I get questions regarding the efficiency of the solar panels I have at my house.  I have only 14 panels, but I'm generating over 25KW per day.  Even on a rainy day I'm generating at least 10KW.  I can go out before the sun rises and I've already generated 500 to 800 watts.

Brussels is at a latitude of 50 as we in Astoria are 46.  It seems they have no problem pumping out the power.  Panels aren't just on newly constructed buildings, they are on all buildings.  Even the structures that Van gogh painted now are decked with solar panels.

Another cool thing is that everywhere you go in Belgium you will find an opportunity to recycle things.  There are recycle bins everywhere.  There are kiosks for recycling on city streets.  It is amazing.

So here I was happy, delighted, overjoyed, to be in a country that was like-minded to the life style I am accustomed to, but then our visit ended and we got on a high-speed train from Brussels that was to pass through France, then through the Chunnel to end at St. Pancras Station in London.  I watched the farms pass by at nearly 200 miles per hour.  Still nearly every structure has solar panels with giant wind turbines across the distant farm land.  Suddenly we entered France and there was nothing in the way of power generation.  All the houses and buildings within sight just had plane normal roofs.  No solar panels, no wind mills.  It was a new reality that saddened me.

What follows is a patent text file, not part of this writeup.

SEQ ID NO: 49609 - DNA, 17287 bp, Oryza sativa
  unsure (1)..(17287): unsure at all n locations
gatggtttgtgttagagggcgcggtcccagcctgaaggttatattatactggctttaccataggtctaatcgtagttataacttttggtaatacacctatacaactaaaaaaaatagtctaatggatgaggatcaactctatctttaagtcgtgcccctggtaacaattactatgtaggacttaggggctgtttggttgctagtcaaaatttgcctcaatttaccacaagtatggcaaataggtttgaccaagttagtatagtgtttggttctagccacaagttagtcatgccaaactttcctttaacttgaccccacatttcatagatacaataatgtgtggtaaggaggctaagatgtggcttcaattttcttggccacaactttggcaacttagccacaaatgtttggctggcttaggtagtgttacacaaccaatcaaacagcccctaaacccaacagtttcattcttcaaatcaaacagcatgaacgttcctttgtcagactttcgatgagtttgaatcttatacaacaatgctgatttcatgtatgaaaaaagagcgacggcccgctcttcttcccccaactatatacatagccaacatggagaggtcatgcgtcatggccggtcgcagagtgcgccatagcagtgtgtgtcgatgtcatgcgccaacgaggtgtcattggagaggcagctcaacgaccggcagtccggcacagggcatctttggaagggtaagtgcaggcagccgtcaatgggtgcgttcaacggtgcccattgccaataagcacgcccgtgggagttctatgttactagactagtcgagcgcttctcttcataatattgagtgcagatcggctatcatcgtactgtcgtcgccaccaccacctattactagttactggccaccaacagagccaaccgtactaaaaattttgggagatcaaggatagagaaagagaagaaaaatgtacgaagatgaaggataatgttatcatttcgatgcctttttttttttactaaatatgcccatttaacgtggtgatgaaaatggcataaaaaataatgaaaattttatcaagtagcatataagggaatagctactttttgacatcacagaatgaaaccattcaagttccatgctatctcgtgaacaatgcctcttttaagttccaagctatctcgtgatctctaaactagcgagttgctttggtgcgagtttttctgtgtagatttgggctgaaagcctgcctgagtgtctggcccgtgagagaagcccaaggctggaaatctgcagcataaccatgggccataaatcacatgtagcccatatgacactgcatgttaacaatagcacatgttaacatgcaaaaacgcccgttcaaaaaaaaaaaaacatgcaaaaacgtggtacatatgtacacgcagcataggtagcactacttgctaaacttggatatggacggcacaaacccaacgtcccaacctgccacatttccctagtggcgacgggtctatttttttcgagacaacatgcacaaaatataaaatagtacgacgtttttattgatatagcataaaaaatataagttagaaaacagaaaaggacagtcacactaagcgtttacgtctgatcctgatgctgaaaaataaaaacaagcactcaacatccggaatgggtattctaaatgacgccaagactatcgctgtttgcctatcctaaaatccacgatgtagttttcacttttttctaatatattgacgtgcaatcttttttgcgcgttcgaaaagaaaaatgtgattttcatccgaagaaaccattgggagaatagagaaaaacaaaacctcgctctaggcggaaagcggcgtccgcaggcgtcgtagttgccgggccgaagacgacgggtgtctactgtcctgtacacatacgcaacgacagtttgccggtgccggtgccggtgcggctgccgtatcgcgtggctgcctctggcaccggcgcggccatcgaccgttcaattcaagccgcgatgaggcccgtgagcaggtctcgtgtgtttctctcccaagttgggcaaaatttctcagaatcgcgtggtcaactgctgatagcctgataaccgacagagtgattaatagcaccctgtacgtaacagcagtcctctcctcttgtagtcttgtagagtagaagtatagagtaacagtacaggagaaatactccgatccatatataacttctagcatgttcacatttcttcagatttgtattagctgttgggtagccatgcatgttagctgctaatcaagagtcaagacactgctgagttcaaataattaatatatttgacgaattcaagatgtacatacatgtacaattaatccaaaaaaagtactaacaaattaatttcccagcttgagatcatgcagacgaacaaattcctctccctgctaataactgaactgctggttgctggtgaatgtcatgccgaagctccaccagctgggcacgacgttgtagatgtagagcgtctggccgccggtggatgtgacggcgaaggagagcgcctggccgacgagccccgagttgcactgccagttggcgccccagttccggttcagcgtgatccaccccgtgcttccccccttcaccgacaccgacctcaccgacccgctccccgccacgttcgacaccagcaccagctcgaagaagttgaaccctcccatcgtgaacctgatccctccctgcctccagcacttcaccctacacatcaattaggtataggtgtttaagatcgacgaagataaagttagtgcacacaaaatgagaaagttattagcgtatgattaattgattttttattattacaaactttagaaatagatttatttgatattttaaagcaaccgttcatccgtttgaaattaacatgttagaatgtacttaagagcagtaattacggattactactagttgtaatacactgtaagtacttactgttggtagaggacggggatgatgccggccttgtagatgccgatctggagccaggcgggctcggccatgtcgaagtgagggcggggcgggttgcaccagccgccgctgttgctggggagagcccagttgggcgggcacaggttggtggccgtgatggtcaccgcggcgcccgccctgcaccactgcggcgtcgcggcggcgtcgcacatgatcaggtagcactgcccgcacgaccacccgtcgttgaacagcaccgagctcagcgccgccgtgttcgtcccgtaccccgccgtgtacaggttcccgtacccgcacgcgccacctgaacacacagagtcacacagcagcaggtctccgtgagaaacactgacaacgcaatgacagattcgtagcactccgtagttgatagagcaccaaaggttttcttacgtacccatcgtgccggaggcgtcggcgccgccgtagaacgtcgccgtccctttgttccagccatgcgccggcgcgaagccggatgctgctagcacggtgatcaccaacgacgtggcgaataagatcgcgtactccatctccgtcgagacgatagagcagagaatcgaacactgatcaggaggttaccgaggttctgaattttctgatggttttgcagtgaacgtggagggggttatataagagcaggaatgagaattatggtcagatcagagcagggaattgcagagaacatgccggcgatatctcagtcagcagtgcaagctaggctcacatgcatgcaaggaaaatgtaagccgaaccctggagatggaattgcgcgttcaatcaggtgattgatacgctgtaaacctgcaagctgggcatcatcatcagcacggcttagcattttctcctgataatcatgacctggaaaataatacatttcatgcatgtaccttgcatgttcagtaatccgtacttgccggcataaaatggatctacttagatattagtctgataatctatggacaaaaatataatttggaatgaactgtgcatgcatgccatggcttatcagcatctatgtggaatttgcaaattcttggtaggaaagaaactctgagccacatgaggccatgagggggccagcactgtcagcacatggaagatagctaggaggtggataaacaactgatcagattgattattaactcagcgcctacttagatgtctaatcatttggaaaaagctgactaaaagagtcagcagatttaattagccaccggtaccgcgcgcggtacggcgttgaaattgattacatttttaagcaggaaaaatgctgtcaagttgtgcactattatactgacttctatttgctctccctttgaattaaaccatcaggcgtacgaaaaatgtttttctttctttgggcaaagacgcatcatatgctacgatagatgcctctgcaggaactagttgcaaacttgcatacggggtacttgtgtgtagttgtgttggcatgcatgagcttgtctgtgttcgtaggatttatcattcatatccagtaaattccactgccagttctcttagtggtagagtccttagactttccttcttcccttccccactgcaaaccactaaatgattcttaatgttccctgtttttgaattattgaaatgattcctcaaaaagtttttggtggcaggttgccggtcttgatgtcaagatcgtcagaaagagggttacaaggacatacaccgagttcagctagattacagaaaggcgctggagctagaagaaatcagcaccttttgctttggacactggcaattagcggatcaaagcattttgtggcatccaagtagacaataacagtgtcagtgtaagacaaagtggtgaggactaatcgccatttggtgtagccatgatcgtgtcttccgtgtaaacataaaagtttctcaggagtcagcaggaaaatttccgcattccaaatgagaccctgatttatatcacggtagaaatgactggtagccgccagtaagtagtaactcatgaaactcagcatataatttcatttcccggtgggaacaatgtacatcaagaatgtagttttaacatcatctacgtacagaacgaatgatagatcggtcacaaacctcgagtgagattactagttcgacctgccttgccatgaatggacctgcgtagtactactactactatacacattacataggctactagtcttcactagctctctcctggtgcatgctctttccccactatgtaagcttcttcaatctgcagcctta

I will write more on the solar and wind energy of England in the near future.

Tuesday, June 19, 2018

Dry Stack Stone Walls

While growing up in New Jersey I spent two years of my early life working on a farm.  One of the chores before planting was cultivating the fields which unearthed a lot of rocks which needed to be dealt with before we could plant.  My job in this endeavor was to ride the stone boat that was being dragged by the tractor.  As we came upon a rock I would hop off and pick up the stone or attempt to roll the stone onto the boat.  After the boat was full we'd go to the edge of the field and place the stones on the ever expanding stone wall that had been continually added to every spring for decades.

This said, I had an immediate appreciation for the stone walls in England and Wales.  The stones there were flatter and they acted as fences to keep animals, mostly sheep, in or out of the fields.  Some of the fences had been there for a thousand years or so.  Houses and barns were also built stone.  Very few structures were built of wood.  Even new construction is mostly comprised of stone.  Roofs were tiled or slate.  These homes were made to last for centuries and the will last.